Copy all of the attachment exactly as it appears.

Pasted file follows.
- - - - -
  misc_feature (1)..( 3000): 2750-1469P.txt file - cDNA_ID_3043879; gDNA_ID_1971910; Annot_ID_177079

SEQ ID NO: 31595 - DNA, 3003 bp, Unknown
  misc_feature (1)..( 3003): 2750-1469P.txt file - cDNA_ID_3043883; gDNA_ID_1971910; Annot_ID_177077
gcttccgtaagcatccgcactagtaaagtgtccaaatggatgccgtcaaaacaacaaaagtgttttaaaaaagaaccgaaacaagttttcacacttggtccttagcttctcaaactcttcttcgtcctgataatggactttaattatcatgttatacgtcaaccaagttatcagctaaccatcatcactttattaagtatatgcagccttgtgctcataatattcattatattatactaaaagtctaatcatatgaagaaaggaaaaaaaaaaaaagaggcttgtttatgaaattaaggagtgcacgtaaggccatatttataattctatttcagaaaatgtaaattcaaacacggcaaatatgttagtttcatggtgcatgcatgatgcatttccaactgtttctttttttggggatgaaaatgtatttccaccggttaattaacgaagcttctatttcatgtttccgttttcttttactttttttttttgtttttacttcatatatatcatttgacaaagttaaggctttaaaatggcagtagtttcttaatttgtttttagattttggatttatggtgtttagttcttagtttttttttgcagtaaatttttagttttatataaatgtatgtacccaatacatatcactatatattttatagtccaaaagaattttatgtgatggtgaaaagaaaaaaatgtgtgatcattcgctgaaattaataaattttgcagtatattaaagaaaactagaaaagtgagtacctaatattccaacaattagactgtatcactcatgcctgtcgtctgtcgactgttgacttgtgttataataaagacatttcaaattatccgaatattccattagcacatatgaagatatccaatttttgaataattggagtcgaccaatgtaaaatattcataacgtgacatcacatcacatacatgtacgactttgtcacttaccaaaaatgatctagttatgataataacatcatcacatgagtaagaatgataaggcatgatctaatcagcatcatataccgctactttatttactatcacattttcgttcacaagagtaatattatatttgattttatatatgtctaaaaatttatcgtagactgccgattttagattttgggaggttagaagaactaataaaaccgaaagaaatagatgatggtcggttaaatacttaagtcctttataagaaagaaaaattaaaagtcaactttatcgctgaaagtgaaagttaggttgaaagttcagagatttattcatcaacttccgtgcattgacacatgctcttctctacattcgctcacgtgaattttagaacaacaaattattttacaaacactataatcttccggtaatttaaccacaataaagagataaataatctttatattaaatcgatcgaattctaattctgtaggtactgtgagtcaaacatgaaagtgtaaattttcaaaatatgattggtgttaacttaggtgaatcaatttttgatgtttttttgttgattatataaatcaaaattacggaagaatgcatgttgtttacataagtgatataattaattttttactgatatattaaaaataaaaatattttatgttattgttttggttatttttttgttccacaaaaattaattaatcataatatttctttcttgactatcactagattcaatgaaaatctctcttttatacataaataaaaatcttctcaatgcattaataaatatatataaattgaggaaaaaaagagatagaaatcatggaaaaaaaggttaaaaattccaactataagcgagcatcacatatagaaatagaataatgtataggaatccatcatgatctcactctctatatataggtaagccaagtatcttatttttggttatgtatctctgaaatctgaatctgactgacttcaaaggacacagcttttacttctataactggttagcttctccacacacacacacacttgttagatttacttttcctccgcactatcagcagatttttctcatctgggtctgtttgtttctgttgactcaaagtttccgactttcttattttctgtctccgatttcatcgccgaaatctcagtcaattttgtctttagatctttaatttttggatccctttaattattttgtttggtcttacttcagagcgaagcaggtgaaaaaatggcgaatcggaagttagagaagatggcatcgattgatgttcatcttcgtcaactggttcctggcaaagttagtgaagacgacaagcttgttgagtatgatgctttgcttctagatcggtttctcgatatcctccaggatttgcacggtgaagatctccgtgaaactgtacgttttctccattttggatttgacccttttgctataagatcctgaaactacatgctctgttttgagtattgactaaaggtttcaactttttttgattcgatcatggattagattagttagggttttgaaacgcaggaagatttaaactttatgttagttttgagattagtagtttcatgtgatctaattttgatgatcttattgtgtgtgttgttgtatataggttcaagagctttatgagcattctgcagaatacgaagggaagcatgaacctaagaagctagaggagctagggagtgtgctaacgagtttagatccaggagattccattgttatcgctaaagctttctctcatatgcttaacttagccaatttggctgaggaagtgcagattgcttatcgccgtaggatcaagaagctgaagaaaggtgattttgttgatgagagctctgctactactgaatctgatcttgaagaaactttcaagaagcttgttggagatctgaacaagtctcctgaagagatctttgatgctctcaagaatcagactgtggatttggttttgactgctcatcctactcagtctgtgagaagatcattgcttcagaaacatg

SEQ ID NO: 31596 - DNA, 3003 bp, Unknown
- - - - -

  misc_feature (1)..( 3000): 2750-1469P.txt file - cDNA_ID_3043879; gDNA_ID_1971910; Annot_ID_177079

SEQ ID NO: 31595 - DNA, 3003 bp, Unknown
  misc_feature (1)..( 3003): 2750-1469P.txt file - cDNA_ID_3043883; gDNA_ID_1971910; Annot_ID_177077
gcttccgtaagcatccgcactagtaaagtgtccaaatggatgccgtcaaaacaacaaaagtgttttaaaaaagaaccgaaacaagttttcacacttggtccttagcttctcaaactcttcttcgtcctgataatggactttaattatcatgttatacgtcaaccaagttatcagctaaccatcatcactttattaagtatatgcagccttgtgctcataatattcattatattatactaaaagtctaatcatatgaagaaaggaaaaaaaaaaaaagaggcttgtttatgaaattaaggagtgcacgtaaggccatatttataattctatttcagaaaatgtaaattcaaacacggcaaatatgttagtttcatggtgcatgcatgatgcatttccaactgtttctttttttggggatgaaaatgtatttccaccggttaattaacgaagcttctatttcatgtttccgttttcttttactttttttttttgtttttacttcatatatatcatttgacaaagttaaggctttaaaatggcagtagtttcttaatttgtttttagattttggatttatggtgtttagttcttagtttttttttgcagtaaatttttagttttatataaatgtatgtacccaatacatatcactatatattttatagtccaaaagaattttatgtgatggtgaaaagaaaaaaatgtgtgatcattcgctgaaattaataaattttgcagtatattaaagaaaactagaaaagtgagtacctaatattccaacaattagactgtatcactcatgcctgtcgtctgtcgactgttgacttgtgttataataaagacatttcaaattatccgaatattccattagcacatatgaagatatccaatttttgaataattggagtcgaccaatgtaaaatattcataacgtgacatcacatcacatacatgtacgactttgtcacttaccaaaaatgatctagttatgataataacatcatcacatgagtaagaatgataaggcatgatctaatcagcatcatataccgctactttatttactatcacattttcgttcacaagagtaatattatatttgattttatatatgtctaaaaatttatcgtagactgccgattttagattttgggaggttagaagaactaataaaaccgaaagaaatagatgatggtcggttaaatacttaagtcctttataagaaagaaaaattaaaagtcaactttatcgctgaaagtgaaagttaggttgaaagttcagagatttattcatcaacttccgtgcattgacacatgctcttctctacattcgctcacgtgaattttagaacaacaaattattttacaaacactataatcttccggtaatttaaccacaataaagagataaataatctttatattaaatcgatcgaattctaattctgtaggtactgtgagtcaaacatgaaagtgtaaattttcaaaatatgattggtgttaacttaggtgaatcaatttttgatgtttttttgttgattatataaatcaaaattacggaagaatgcatgttgtttacataagtgatataattaattttttactgatatattaaaaataaaaatattttatgttattgttttggttatttttttgttccacaaaaattaattaatcataatatttctttcttgactatcactagattcaatgaaaatctctcttttatacataaataaaaatcttctcaatgcattaataaatatatataaattgaggaaaaaaagagatagaaatcatggaaaaaaaggttaaaaattccaactataagcgagcatcacatatagaaatagaataatgtataggaatccatcatgatctcactctctatatataggtaagccaagtatcttatttttggttatgtatctctgaaatctgaatctgactgacttcaaaggacacagcttttacttctataactggttagcttctccacacacacacacacttgttagatttacttttcctccgcactatcagcagatttttctcatctgggtctgtttgtttctgttgactcaaagtttccgactttcttattttctgtctccgatttcatcgccgaaatctcagtcaattttgtctttagatctttaatttttggatccctttaattattttgtttggtcttacttcagagcgaagcaggtgaaaaaatggcgaatcggaagttagagaagatggcatcgattgatgttcatcttcgtcaactggttcctggcaaagttagtgaagacgacaagcttgttgagtatgatgctttgcttctagatcggtttctcgatatcctccaggatttgcacggtgaagatctccgtgaaactgtacgttttctccattttggatttgacccttttgctataagatcctgaaactacatgctctgttttgagtattgactaaaggtttcaactttttttgattcgatcatggattagattagttagggttttgaaacgcaggaagatttaaactttatgttagttttgagattagtagtttcatgtgatctaattttgatgatcttattgtgtgtgttgttgtatataggttcaagagctttatgagcattctgcagaatacgaagggaagcatgaacctaagaagctagaggagctagggagtgtgctaacgagtttagatccaggagattccattgttatcgctaaagctttctctcatatgcttaacttagccaatttggctgaggaagtgcagattgcttatcgccgtaggatcaagaagctgaagaaaggtgattttgttgatgagagctctgctactactgaatctgatcttgaagaaactttcaagaagcttgttggagatctgaacaagtctcctgaagagatctttgatgctctcaagaatcagactgtggatttggttttgactgctcatcctactcagtctgtgagaagatcattgcttcagaaacatg

SEQ ID NO: 31596 - DNA, 3003 bp, Unknown